The 2018 Hall of Fame Ballot has plenty of worthy contenders to join the Hall of Fame this upcoming year. 14 players return to the ballot, and 19 new players have been listed on the ballot. Today, we look at the career of outfielder Gary Sheffield.
A player who struck fear into the hearts of pitchers everywhere just with his sinister wag during his at bats, right fielder Gary Sheffield was known for his incredible bat speed and control when at the plate.
Making the Case: Gary Sheffield and the 2018 Hall of Fame Ballot
Drafted by the Milwaukee Brewers in the first round with the sixth overall pick of the 1986 June Amateur Draft, Sheffield would wait for two years to make his debut with the Brewers. After playing four years for the Brewers, Sheffield, along with pitcher Geoff Kellogg, was traded to the San Diego Padres on March 26th, 1992. In exchange, the Brewers acquired pitcher Ricky Bones, right fielder Matt Mieske, and shortstop Jose Valentin. After two seasons in San Diego, Sheffield, along with pitcher Rich Rodriguez, was traded once again, this time to the Florida Marlins on June 24th, 1993. In exchange, the Padres acquired pitchers Andres Berumen, Trevor Hoffman, and Jose Martinez.
Sheffield would play six years with the Marlins before being traded once again. Sheffield, along with pitcher Manuel Barrios, third baseman Bobby Bonilla, left fielder Jim Eisenreich, and catcher Charles Johnson, were traded to the Los Angeles Dodgers on May 14th, 1998. In exchange, the Marlins acquired catcher Mike Piazza and third baseman Todd Zeile. Sheffield would play four years in Los Angeles before being traded once again. Sheffield was traded to the Atlanta Braves on January 15th, 2002. In exchange, the Dodgers acquired pitchers Andrew Brown and Odalis Perez, and right fielder Brian Jordan. After playing two years in Atlanta, Sheffield would become a free agent for the first time. During the free agency period, Sheffield would sign a three-year, $39 million contract with the New York Yankees.
After those three years with the Yankees, Sheffield would be traded again after having his option picked up. Sheffield was traded to the Detroit Tigers on November 10th, 2006. In exchange, the Yankees acquired pitchers Anthony Claggett, Humberto Sanchez, and Kevin Whelan. After two years in Detroit, Sheffield was released. On April 5th, 2009, Sheffield would sign a one-year deal worth $400,000 with the New York Mets. That season with the Mets would be his last as he would retire in 2011.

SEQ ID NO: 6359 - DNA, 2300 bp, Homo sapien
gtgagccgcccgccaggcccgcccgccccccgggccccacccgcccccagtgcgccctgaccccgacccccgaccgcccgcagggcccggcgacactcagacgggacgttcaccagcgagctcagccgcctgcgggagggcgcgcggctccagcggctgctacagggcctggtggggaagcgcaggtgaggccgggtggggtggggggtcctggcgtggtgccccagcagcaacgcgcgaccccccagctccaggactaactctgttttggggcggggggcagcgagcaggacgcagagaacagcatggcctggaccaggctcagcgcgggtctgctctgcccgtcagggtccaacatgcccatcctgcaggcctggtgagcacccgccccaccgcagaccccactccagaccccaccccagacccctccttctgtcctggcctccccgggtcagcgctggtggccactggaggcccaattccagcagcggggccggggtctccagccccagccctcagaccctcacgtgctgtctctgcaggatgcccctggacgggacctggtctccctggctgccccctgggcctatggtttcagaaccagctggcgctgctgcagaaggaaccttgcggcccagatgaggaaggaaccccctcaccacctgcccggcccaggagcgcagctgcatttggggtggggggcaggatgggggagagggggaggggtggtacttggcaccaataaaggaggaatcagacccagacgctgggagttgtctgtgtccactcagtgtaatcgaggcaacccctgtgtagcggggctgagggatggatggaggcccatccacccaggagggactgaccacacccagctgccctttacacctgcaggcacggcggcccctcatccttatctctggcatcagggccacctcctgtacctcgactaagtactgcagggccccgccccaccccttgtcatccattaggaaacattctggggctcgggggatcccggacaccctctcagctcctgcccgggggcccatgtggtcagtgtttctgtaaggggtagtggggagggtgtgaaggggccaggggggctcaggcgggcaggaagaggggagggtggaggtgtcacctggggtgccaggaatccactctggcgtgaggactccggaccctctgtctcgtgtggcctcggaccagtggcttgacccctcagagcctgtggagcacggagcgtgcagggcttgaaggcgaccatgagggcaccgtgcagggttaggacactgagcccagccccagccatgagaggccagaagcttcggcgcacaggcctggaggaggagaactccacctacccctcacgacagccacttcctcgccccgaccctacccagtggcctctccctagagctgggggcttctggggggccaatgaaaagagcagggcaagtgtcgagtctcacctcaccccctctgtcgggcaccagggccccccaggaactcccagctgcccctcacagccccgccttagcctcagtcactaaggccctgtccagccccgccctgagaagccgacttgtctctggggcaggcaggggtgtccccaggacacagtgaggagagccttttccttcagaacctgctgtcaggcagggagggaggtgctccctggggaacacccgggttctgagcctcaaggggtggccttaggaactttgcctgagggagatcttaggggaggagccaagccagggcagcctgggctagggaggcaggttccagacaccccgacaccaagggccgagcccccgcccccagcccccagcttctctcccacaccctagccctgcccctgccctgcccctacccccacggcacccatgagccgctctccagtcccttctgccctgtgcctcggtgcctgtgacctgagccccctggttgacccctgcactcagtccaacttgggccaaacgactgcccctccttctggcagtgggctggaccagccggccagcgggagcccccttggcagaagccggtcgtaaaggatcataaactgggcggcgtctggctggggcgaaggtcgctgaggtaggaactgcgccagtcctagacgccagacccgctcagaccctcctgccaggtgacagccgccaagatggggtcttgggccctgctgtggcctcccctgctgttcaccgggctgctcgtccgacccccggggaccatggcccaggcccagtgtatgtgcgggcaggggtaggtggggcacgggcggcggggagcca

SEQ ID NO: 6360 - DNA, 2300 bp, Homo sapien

Statistics and Accomplishments
During Sheffield’s time in Florida, Sheffield hit a .228 with 122 home runs and 380 RBI. In his time with the Dodgers, Sheffield would hit a great .312 batting average with 129 home runs and 367 RBI. During his time with the Brewers, Sheffield hit a .259 batting average with 21 home runs and 133 RBI. In his time with the Yankees, Sheffield would hit a .291 batting average with 76 home runs and 269 RBI. In Atlanta, Sheffield would hit a .319 batting average with 64 home runs and 216 RBI. With the Padres, Sheffield would hit the same average with 43 home runs and 136 RBI. With Detroit, he hit a .247 batting average with 44 home runs and 132 RBI. In his career, Sheffield hit a .292 batting average with 509 home runs and 1,676 RBI. In Sheffield’s career, he was part of the 1997 World Series championship team.
He was also a nine-time All-Star from 1991-1992, as well as 1996, from 1998-2000, and from 2003-2005. Sheffield would win the Silver Slugger five times in his career, winning it in 1992, 1996, and from 2003-2005. In 1992, Sheffield would win the Major League Player of the Year as well as the NL Batting Title.
The Arguments For and Against
Sheffield’s resume is quite remarkable, which sets a great argument to get Sheffield into Cooperstown. But the argument against him is quite strong as well. Sheffield’s name was mentioned in the Mitchell Report, a summary of an investigation into steroid use in MLB.
Even with his remarkable career, Sheffield will not make it into the Hall of Fame, at least this year. The talent in this class is extremely distinguished, which makes a very competitive field, in which Sheffield will most likely not make the cut. His case is not necessarily helped with being mentioned in the Mitchell Report, and the fact that Barry Bonds, another player mentioned in the report, is on the ballot which has caused a lot of talk about the report. At some point, Sheffield will have too many credentials to be denied, but the report is too big of a scandal to gain entry.
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